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Memorising essays for English (1 Viewer)

aphorae

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Agreed that different methods work for different students, but I always thought it'd be harder for the average student to write concisely and/or eloquently on the spot vs. adapting a prepared. Personally I went in with a single ~1200-word memorised essay for each of the modules with no additional quotes prepared for both trials (2nd) and the HSC (98) - although I did have 1500 for AOS just in case, and was somewhat lucky they asked an ideas-based, as opposed to a specific non-Hamlet character-based question, for Module B in both.

On the other side of the spectrum, I think it's worth mentioning that the girl who topped the state last year in English Advanced (same school) did not memorise a single essay for trials (1st) or the HSC.
 

liangson

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ok, the way i do is wake up at 6 if i have exam on that day, and then copy my essay twice before the exam. when u sit in the exam, u will find u can write down your whole essay even u close your eyes
 

Cl324

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Gonna agree with iSplicer. Memorising definitely helps.
Your essay has to flow eloquently and its extremely hard to do in 40 mins with the pressure people put on themselves in the HSC. Yes there are some naturally gifted people or exceptions to the rule, but the majority of people who do well in English rely on memorised essays. However it is extremely important to know how to do them properly

Yes there are going to be people who memorise and fail miserably because of a few main reasons. There are people who memorise essays that:
1. Have crap essays to begin with. Many students simply cannot write a coherent essay to save their lives and if you gave them the question 'Write your prepared response about [text]' they're still going to shitty mark regardless.
2. Cannot write mouldable essays. Writing mouldable essays is a skill in itself. It is actually very difficult to write a good essay that is very mouldable and covers a wide range of topics without being too specific. Way too many people concentrate on specific themes or characters and disregard the rest of the rubric.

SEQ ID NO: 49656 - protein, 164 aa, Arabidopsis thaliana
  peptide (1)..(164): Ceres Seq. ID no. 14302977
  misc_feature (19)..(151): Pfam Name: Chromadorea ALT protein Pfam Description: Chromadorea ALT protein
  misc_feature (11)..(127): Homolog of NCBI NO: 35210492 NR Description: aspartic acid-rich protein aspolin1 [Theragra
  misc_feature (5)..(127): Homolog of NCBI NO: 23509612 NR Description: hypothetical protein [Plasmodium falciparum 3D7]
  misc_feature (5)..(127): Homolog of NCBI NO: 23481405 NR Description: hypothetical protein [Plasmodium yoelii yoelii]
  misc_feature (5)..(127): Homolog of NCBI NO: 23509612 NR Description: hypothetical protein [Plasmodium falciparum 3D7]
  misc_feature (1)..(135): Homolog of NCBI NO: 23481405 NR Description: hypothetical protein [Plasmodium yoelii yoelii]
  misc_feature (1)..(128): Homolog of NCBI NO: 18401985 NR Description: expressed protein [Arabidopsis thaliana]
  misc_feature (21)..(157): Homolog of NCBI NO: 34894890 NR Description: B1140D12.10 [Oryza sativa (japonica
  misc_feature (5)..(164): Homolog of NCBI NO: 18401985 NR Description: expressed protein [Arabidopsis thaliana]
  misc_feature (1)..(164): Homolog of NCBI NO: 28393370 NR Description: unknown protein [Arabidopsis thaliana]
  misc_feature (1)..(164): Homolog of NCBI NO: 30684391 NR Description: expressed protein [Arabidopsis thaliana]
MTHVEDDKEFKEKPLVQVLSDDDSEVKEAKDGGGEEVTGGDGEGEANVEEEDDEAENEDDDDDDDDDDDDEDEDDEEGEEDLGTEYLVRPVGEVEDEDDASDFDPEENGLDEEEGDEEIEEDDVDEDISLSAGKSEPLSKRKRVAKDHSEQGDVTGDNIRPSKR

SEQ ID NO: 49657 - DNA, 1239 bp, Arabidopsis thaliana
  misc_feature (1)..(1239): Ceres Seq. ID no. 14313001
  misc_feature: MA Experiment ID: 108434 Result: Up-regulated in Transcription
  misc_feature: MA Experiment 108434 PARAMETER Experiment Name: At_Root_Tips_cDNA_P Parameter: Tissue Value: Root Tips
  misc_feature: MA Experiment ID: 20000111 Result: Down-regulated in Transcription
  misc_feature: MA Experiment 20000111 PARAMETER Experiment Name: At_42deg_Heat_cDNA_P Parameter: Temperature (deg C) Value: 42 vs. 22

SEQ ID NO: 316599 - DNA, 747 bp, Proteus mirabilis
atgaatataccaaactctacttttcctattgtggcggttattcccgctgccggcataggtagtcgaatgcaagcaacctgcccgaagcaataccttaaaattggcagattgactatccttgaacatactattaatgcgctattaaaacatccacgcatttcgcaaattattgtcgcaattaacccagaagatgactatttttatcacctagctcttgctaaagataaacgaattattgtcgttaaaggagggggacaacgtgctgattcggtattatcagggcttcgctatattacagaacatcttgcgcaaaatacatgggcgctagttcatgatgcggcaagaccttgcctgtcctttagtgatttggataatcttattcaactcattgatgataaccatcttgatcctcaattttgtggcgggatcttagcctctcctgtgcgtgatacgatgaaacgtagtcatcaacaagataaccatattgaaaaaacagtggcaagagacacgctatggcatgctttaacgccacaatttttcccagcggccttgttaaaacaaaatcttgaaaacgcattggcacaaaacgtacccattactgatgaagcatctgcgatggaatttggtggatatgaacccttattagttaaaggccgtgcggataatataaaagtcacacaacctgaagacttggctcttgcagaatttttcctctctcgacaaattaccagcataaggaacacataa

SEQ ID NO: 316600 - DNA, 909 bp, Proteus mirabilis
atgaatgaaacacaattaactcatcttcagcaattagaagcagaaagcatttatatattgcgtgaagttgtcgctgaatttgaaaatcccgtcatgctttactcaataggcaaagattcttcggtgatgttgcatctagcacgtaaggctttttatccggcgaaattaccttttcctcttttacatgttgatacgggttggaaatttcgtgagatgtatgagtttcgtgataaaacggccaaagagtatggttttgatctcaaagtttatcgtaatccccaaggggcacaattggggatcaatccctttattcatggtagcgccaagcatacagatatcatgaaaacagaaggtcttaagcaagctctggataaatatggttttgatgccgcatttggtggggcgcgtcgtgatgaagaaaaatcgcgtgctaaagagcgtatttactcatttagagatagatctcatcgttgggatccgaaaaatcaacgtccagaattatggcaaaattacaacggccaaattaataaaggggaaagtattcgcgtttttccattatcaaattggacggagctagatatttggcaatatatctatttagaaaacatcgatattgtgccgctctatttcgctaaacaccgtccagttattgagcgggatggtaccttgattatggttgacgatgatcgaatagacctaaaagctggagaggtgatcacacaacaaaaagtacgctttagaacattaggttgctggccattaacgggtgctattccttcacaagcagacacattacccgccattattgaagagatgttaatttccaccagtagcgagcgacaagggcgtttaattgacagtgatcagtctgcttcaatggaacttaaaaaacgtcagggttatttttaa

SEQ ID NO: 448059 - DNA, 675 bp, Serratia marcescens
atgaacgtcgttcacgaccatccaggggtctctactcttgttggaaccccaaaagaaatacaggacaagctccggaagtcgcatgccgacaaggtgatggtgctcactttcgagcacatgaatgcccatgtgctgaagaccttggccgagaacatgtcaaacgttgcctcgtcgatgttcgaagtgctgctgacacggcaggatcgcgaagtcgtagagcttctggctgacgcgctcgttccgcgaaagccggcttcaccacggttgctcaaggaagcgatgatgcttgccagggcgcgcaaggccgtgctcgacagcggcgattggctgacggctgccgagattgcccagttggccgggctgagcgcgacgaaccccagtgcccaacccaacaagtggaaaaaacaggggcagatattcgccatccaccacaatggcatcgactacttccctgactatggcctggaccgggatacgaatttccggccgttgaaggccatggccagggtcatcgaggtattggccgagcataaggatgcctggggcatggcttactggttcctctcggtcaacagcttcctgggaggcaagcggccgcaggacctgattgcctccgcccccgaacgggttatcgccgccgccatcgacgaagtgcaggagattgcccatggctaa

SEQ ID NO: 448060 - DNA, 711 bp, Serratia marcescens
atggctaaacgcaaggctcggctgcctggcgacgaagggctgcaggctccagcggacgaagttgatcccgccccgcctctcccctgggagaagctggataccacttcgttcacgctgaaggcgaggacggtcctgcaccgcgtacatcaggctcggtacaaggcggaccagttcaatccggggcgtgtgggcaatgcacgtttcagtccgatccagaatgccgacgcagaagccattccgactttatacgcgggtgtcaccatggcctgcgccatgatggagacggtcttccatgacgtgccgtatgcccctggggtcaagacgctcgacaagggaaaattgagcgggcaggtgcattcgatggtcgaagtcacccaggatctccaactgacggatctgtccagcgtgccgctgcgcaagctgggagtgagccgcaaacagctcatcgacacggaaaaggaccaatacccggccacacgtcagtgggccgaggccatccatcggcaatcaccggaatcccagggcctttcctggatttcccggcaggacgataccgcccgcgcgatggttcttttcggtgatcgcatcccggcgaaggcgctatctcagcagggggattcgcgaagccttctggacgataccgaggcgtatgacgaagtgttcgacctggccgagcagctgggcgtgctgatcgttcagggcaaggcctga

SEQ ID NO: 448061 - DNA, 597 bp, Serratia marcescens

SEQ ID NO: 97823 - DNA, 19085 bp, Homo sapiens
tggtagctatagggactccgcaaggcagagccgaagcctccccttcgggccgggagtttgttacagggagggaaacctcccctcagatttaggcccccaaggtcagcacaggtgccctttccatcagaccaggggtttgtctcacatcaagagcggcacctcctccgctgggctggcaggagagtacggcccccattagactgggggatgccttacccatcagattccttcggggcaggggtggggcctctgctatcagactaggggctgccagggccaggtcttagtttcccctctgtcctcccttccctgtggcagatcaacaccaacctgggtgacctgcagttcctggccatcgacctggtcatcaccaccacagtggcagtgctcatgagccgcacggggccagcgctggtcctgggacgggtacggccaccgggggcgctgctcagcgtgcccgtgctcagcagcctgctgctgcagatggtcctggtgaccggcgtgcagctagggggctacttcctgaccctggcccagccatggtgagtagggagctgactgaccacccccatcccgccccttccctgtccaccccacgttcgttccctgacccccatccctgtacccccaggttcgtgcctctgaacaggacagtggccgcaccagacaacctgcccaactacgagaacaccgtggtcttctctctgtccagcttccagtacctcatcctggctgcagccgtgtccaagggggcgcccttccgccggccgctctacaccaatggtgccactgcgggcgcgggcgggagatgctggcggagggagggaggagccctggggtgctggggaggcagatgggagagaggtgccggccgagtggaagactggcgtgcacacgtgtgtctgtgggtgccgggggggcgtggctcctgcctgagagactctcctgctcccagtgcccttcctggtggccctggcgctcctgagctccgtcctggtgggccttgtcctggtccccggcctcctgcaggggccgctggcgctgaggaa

3. Cannot adapt essays. To be able to mould an essay to the question you have to be selective about which parts you keep or drop. Then you also have to integrate keywords and answer the question throughout the text. There are students who literally memorise essays and refuse to change them in the exam.
4. Do not have backup plans. The 'contingency plan' whilst not often used is extremely important. You cannot just rely on memorised essays and a lot of people fail to realise this. For example in Mod B last year I bet you the BOS would have had a lot of 'The concluding scenes of [text] did not inform my judgement as a whole, instead (prepared response)'

Yes so maybe it is a selective school thing. The majority of people at the 'smarter' schools will rely on prepared essays and will do considerably worse without them. At the weaker schools, many people simply dont know how to write prepared responses properly and go about it the wrong way or they cant be bothered. However for the students who do it properly and with the desire and dedication to do well, they will almost always benefit from memorised essays.
 

iSplicer

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Gonna agree with iSplicer. Memorising definitely helps.
Your essay has to flow eloquently and its extremely hard to do in 40 mins with the pressure people put on themselves in the HSC. Yes there are some naturally gifted people or exceptions to the rule, but the majority of people who do well in English rely on memorised essays. However it is extremely important to know how to do them properly

Yes there are going to be people who memorise and fail miserably because of a few main reasons. There are people who memorise essays that: